Iowa: Invest in Iowa Act (SSB 3116 & HSB 657)
Introduced in association with Governors Sportsmen’s Caucus Member Governor Kim Reynolds, the “Invest in Iowa Act” is a tax reform bill that would include a sales tax increase to fund the Natural Resources and Outdoor Recreation Trust Fund. Created in 2010, the trust fund would use a 3/8 of 1% Conservation Sales Tax to supplement the American System of Conservation Funding. Despite enormous support from the sportsmen’s community for funding the Trust, the larger tax bills remain in their original committees and are unlikely to pass this year. However, the Trust will remain a priority for CSF and the sportsmen’s community in Iowa during the 2021 legislative session.
Iowa (HF 2502)
On June 3, members of the Iowa State Senate passed House File 2502 (HF2502), a bill that increased protections for shooting ranges, expanded Iowa’s state firearm preemption laws, and specified other powers related to firearms that are vested in a political subdivision of the state of Iowa. Specifically, HF2502 prevents county or city zoning boards from enacting and enforcing any requirement for shooting range establishment or maintenance that are more stringent than the requirements imposed by the state. Such protections prevent local governments from enforcing regulations that unfairly target recreational shooting ranges. Additionally, HF2502 expands Iowa’s existing firearm preemption language to specifically prohibit any political subdivision from enacting an ordinance, motion, resolution, policy, or amendment regulating firearms, firearms attachments, or other legally owned and possessed weapons. Finally, the bill prevents political subdivisions from regulating the storage of weapons and ammunition, though it does allow political subdivisions to restrict the possession of firearms in municipal buildings and courthouses under certain circumstances.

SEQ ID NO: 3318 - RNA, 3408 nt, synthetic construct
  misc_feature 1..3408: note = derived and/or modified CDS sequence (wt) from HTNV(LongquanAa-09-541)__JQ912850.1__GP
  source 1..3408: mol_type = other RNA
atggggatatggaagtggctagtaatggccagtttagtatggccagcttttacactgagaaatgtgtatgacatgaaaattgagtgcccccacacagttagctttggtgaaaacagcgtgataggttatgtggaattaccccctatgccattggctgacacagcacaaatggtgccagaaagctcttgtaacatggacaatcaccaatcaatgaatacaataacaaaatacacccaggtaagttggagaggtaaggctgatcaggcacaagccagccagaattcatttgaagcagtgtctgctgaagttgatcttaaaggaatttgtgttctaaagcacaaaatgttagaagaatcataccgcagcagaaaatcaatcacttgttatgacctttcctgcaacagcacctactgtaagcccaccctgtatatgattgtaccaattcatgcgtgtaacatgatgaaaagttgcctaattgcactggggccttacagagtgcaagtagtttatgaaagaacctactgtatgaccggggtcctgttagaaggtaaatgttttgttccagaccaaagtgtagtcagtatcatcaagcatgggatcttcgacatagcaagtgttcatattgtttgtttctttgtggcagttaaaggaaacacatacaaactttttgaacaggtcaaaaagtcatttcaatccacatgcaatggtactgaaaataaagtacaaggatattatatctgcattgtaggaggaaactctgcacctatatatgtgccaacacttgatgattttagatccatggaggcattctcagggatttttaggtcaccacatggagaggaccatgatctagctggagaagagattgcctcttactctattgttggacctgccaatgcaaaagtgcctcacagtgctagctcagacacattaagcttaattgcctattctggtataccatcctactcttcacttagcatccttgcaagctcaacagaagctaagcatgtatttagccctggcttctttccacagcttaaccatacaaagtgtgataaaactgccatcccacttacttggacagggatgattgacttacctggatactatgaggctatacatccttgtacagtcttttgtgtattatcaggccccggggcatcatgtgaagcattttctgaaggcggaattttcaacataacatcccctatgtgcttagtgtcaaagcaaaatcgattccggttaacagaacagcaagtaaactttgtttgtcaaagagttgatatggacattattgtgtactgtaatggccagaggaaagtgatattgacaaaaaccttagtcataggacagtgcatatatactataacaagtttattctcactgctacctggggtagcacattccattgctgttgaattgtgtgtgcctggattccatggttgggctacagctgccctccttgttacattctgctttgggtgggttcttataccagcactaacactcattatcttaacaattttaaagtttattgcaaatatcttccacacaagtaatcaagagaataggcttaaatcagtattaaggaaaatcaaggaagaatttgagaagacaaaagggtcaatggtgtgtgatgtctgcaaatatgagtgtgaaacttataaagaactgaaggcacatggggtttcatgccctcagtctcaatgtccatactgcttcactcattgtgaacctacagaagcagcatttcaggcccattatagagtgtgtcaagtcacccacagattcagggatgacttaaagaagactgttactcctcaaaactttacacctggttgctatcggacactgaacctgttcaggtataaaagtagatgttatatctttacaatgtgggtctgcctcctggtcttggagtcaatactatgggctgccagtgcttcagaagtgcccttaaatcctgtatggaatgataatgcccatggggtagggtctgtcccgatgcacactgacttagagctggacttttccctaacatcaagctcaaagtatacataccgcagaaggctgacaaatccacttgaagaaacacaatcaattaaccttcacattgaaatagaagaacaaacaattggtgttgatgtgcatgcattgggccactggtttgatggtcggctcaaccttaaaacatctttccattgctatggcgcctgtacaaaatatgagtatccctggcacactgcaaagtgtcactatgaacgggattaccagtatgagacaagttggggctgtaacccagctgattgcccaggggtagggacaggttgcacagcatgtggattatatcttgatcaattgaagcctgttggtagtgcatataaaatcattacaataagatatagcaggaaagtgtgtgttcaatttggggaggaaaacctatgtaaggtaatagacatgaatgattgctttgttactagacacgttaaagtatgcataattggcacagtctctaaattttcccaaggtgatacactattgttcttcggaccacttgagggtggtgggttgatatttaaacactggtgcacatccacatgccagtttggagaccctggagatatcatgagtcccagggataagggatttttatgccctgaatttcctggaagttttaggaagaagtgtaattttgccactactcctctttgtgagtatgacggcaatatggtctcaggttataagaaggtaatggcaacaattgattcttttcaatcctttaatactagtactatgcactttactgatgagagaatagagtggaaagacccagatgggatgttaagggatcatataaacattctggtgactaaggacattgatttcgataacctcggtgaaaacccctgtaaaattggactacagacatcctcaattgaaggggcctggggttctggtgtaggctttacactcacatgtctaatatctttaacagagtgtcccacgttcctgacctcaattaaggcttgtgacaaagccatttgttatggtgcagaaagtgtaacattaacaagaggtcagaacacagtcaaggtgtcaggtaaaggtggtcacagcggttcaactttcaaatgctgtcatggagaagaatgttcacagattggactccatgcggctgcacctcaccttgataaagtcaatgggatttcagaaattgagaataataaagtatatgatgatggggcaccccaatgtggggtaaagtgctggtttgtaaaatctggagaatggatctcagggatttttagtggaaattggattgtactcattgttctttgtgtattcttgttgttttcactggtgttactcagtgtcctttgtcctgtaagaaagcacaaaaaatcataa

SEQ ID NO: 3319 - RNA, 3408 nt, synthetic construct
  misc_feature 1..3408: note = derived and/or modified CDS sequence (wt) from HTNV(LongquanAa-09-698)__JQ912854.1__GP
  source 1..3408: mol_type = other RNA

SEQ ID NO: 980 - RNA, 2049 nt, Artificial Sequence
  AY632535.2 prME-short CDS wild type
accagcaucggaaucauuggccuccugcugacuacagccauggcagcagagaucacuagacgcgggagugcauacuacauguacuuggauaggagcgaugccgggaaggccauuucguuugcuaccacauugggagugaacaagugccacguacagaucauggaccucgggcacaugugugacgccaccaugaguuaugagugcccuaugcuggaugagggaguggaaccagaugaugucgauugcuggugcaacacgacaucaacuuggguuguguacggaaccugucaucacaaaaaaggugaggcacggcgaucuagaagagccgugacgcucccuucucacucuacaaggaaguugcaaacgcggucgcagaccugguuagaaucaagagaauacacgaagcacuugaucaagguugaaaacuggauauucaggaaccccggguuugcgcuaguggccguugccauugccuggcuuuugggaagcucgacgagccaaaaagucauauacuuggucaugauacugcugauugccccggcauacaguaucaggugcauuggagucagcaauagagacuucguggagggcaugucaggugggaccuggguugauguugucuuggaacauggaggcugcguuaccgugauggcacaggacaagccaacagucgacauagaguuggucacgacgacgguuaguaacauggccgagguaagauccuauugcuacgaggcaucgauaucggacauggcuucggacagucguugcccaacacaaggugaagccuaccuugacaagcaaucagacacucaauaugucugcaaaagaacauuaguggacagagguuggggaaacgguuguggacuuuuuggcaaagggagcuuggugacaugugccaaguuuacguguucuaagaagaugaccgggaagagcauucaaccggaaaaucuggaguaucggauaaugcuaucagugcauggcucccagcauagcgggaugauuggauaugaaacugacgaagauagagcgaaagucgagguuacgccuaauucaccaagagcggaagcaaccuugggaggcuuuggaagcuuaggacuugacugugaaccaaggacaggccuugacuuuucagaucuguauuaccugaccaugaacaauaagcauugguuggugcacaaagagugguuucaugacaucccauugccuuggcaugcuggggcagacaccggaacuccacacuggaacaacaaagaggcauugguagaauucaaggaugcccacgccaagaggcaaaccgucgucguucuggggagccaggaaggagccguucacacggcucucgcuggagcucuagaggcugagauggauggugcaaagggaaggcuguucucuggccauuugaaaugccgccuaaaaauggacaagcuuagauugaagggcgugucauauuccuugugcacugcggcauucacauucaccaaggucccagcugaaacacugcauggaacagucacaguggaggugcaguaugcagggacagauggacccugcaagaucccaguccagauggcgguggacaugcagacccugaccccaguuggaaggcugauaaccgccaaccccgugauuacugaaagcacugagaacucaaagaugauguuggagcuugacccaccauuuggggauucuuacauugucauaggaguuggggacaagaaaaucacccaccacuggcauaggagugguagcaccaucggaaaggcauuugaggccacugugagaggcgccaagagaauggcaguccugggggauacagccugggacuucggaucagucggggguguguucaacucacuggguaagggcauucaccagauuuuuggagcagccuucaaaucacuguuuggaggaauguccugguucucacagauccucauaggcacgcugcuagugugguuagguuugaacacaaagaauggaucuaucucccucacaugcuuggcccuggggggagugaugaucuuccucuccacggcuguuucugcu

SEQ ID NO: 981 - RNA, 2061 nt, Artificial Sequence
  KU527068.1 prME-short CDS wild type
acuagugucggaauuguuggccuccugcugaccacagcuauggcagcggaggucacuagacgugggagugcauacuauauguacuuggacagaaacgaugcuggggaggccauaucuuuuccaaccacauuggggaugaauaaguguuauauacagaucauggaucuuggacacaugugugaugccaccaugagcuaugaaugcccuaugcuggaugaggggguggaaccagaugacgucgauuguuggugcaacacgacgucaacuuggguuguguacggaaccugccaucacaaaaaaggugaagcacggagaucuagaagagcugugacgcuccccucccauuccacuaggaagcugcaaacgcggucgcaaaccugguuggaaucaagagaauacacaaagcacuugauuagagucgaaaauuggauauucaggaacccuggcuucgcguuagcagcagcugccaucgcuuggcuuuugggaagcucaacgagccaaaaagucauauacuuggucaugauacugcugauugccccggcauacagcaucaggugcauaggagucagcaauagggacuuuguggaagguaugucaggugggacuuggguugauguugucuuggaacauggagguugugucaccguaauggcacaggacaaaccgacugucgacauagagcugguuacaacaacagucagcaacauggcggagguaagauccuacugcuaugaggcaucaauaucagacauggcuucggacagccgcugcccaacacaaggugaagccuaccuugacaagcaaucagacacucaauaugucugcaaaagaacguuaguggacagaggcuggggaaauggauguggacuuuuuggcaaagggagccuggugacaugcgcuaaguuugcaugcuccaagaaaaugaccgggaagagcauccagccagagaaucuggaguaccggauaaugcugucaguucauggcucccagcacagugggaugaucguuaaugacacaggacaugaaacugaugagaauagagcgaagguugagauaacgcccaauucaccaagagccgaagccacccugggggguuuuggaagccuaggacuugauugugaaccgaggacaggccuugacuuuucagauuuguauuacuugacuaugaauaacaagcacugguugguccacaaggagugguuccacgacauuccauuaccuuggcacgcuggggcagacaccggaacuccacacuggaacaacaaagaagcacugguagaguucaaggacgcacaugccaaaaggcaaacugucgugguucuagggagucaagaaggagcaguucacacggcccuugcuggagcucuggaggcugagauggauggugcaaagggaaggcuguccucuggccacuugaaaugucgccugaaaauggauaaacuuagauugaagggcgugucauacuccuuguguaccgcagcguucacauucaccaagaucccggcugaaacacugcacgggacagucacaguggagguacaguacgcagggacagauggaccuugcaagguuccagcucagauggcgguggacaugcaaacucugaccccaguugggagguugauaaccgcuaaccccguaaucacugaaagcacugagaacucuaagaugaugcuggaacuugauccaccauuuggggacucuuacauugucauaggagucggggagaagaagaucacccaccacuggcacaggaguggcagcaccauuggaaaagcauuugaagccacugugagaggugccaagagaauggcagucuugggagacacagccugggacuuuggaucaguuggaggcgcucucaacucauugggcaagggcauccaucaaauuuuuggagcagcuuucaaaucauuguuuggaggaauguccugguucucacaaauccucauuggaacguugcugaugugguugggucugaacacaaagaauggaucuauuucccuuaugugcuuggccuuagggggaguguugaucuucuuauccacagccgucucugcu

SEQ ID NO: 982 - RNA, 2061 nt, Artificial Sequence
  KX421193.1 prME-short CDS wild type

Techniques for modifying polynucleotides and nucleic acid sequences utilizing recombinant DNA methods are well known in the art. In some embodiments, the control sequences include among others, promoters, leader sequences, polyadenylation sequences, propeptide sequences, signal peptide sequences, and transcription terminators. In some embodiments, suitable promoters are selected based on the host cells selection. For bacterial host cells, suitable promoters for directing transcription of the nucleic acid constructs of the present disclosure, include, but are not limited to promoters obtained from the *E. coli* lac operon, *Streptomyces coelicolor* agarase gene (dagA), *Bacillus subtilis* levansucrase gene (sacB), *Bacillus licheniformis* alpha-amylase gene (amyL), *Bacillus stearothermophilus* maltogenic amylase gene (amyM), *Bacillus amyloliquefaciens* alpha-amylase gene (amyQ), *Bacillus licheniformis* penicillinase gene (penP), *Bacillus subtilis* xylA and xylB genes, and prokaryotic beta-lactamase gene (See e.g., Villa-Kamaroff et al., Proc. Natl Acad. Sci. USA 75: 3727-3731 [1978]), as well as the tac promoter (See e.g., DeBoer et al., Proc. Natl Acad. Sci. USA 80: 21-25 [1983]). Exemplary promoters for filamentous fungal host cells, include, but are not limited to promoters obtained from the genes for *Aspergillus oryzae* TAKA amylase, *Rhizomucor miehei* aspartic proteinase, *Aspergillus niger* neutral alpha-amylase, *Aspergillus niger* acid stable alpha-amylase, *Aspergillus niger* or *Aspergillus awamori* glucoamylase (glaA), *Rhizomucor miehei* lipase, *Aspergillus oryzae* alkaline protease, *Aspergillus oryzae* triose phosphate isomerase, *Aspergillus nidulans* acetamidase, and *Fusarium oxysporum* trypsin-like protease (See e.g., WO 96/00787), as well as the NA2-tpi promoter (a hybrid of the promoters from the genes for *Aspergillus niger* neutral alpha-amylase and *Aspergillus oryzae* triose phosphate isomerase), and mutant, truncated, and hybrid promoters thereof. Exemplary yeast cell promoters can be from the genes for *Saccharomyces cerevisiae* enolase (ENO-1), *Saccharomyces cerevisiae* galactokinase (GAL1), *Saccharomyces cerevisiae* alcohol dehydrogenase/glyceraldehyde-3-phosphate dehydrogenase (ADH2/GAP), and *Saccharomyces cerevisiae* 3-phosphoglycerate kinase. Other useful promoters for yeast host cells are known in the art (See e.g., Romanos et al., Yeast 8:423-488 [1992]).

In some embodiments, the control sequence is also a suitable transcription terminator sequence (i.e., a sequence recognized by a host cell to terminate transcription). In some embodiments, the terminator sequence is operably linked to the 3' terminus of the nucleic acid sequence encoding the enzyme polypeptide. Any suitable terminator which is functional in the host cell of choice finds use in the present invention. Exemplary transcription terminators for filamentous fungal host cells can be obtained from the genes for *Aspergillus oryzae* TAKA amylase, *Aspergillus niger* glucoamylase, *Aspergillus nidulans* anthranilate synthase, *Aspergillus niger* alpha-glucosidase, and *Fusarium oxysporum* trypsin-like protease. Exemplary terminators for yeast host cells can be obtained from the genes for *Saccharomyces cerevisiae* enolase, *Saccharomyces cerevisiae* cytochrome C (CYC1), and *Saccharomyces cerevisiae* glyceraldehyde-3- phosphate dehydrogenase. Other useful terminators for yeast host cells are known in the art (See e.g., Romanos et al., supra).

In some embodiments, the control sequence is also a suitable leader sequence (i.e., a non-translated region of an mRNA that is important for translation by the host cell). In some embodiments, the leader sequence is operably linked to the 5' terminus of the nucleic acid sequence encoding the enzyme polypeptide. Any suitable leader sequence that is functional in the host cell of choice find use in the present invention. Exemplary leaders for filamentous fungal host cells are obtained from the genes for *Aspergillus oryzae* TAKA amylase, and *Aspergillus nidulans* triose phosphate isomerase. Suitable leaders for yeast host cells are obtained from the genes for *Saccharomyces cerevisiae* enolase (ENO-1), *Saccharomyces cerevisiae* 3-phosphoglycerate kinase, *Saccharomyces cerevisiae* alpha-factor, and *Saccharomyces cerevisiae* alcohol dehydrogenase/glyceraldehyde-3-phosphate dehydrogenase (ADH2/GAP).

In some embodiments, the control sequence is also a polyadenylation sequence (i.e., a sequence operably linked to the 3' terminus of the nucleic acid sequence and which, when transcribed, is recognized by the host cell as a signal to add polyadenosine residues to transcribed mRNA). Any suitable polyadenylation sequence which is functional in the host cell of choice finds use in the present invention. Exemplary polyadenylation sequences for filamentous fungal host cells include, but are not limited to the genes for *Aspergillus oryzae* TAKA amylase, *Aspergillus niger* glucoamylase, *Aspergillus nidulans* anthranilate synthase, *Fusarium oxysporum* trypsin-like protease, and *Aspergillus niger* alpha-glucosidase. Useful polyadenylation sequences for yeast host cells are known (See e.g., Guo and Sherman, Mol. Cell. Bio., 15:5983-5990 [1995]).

Iowa (SF 280)
On June 5, the Iowa State Senate concurred with amendments passed by the Iowa House of Representatives for Senate File 280 (SF280). CSF has previously reported on this bill, originally introduced last year by Iowa Legislative Sportsmen’s Caucus Co-Chair Senator Chris Cournoyer as SF215, during the Midwest’s 2020 Regional Legislative Update. SF280 amends the definition of a resident, as it relates to hunting and fishing licenses, to include members of the armed forces and their spouses, stationed in Iowa or at a military installation that is contiguous to a county in Iowa while the member is living in Iowa. This bill would ensure that all active duty military personnel and spouses living in Iowa can take advantage of resident hunting and fishing privileges.
Louisiana: Wild Game Donations (HB 35)
On May 28, HB 35, legislation that would expand the game meat donation liability exemption statute to include feral hogs in the definition of “wild game” passed the Senate 34-0 after also passing the House on an unanimous vote (98-0). Louisiana Legislative Sportsmen’s Caucus Co-Chair Speaker Clay Schexnayder sponsored the bill which now awaits action by the Governor. Game meat donation programs work with processers and hunters to provide wild game, generally venison, to food shelters and other charities that serve families in need, and HB 35 would allow feral hogs to be donated as well.